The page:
Conflicts & War

Nato leaders meet in Vilnius to discuss Ukraine support, future membership

Vilnius, Jul 11 (EFE).- The leaders of Nato nations on Tuesday announced more weapons deliveries and military support for Ukraine in its fight against Russian forces.

At a summit in Vilnius, the secretary-general of the alliance, Jens Stoltenberg, said Nato would be sending “a clear message (…) that we stand by Ukraine for as long as it takes.”

“I also expect allies will send a clear and positive message on the path forward towards membership of Ukraine,” he said.

Ukrainian president Volodymyr Zelenskyy, who is expected to attend the summit in person, slammed the lack of a clear timeline for his country’s accession to the defensive alliance.

“It’s unprecedented and absurd when (a) time frame is not set neither for the invitation nor for Ukraine’s membership,” Zelesnkyy said on Twitter, questioning the alliance’s “readiness” to make Ukraine a member.

“Uncertainty is weakness. And I will openly discuss this at the summit,” he said.

Stoltenberg said he expected Nato nations to “reiterate their commitment to provide military support to Ukraine to help them liberate more land.”

In that vein, French president Emmanuel Macron announced upon his arrival in Vilnius that France would be sending medium range Scalp missiles to help Ukraine defend its territory.

“It is important for us today to send a message of support to Ukraine, of unity on the part of Nato and of determination that Russia cannot win this war,” Macron said.

Germany has also announced a new military aid package worth almost 700 million euro for the Ukrainian armed forces including, among others, air defense systems, tanks and artillery.

On the eve of the summit, Turkey announced it would back Sweden’s accession to the alliance, having threatened to veto the move over Stockholm’s handling of Kurdish militants wanted on terrorism charges in Turkey, among other issues.

Stoltenberg welcomed the “historic” development, saying it is “good for Sweden, it is good for Türkiye, it is good for the whole Nato alliance, and not least it is good for the Baltic region.”

Canada’s prime minister Justin Trudeau, reminded reporters that the Canadian parliament was the first to ratify Sweden’s accession to Nato and said he was “very pleased” with Turkey’s decision to unblock that process.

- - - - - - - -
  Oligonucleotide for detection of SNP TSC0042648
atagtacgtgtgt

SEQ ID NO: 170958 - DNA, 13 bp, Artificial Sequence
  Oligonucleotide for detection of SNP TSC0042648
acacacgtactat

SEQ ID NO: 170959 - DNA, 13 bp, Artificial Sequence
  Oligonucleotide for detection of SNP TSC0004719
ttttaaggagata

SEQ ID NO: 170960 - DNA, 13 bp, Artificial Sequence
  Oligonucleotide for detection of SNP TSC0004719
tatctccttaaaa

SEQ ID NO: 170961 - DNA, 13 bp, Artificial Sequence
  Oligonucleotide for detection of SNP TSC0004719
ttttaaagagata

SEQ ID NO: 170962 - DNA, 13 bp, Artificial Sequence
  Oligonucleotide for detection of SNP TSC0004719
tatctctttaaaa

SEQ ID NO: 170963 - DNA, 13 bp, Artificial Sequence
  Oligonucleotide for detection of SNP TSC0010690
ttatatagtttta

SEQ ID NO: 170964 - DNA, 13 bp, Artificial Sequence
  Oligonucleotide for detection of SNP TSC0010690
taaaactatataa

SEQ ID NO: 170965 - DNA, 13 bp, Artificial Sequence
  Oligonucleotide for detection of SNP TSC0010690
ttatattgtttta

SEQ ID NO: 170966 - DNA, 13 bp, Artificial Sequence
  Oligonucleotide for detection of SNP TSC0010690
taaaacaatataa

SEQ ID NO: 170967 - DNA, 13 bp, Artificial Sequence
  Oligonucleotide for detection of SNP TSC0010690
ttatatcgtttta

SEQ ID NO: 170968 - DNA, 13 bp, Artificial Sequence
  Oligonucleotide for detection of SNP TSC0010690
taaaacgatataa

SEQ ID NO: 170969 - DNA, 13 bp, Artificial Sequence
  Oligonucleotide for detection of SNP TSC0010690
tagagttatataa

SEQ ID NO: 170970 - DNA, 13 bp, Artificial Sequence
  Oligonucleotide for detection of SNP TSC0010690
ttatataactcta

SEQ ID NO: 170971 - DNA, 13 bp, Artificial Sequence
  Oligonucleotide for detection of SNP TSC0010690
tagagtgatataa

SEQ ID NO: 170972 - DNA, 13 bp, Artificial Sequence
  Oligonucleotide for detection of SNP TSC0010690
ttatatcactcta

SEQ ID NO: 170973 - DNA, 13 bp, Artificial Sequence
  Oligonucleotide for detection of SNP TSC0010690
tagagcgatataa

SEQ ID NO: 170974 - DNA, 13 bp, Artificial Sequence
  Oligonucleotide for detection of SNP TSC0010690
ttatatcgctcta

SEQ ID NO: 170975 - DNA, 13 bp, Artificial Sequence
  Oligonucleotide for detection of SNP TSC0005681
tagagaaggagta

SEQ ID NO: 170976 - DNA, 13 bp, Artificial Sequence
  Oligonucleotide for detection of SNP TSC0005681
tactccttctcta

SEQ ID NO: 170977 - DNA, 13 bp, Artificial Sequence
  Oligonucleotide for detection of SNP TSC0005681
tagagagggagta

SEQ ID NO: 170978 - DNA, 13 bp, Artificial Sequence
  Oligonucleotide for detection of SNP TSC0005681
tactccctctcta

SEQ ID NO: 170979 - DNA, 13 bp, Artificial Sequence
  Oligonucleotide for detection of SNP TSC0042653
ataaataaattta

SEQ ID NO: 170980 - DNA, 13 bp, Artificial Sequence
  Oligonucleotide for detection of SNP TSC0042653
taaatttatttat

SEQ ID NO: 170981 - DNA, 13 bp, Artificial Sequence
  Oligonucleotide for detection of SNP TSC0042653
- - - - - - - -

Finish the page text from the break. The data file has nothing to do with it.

German chancellor Olaf Scholz also stressed the importance of Turkey as a partner upon his arrival today and assured that he will meet Turkish President Recep Tayyip Erdogan during the summit.

The leaders of the Nordic and Baltic countries welcomed Turkey’s approval of Sweden’s accession to Nato, which they believe completes the Atlantic alliance’s defense of its eastern flank that borders Russia and its ally Belarus.

“Our Nato membership is completed with that of Sweden,” said Finnish President Sauli Niinisto, whose country applied for membership – a process which requires unanimity – last year in parallel with Sweden. Finland’s application was already approved in April.

Stockholm had been awaiting ratification from Turkey and Hungary, which has said that its approval is simply a “technical matter”.

Spanish Prime Minister, Pedro Sanchez, meanwhile, announced that Spain would deploy troops to Slovakia and increase those it has in Romania to reinforce the alliance’s eastern front.

Alongside his Portuguese counterpart António Costa, he stressed the importance of paying more attention to Nato’s southern flank.

To strengthen the Alliance’s deterrence and defense capabilities, leaders at this summit hope to endorse three new regional plans that will be supported by 300,000 troops on alert, including significant air and naval combat power.

Related Articles

Back to top button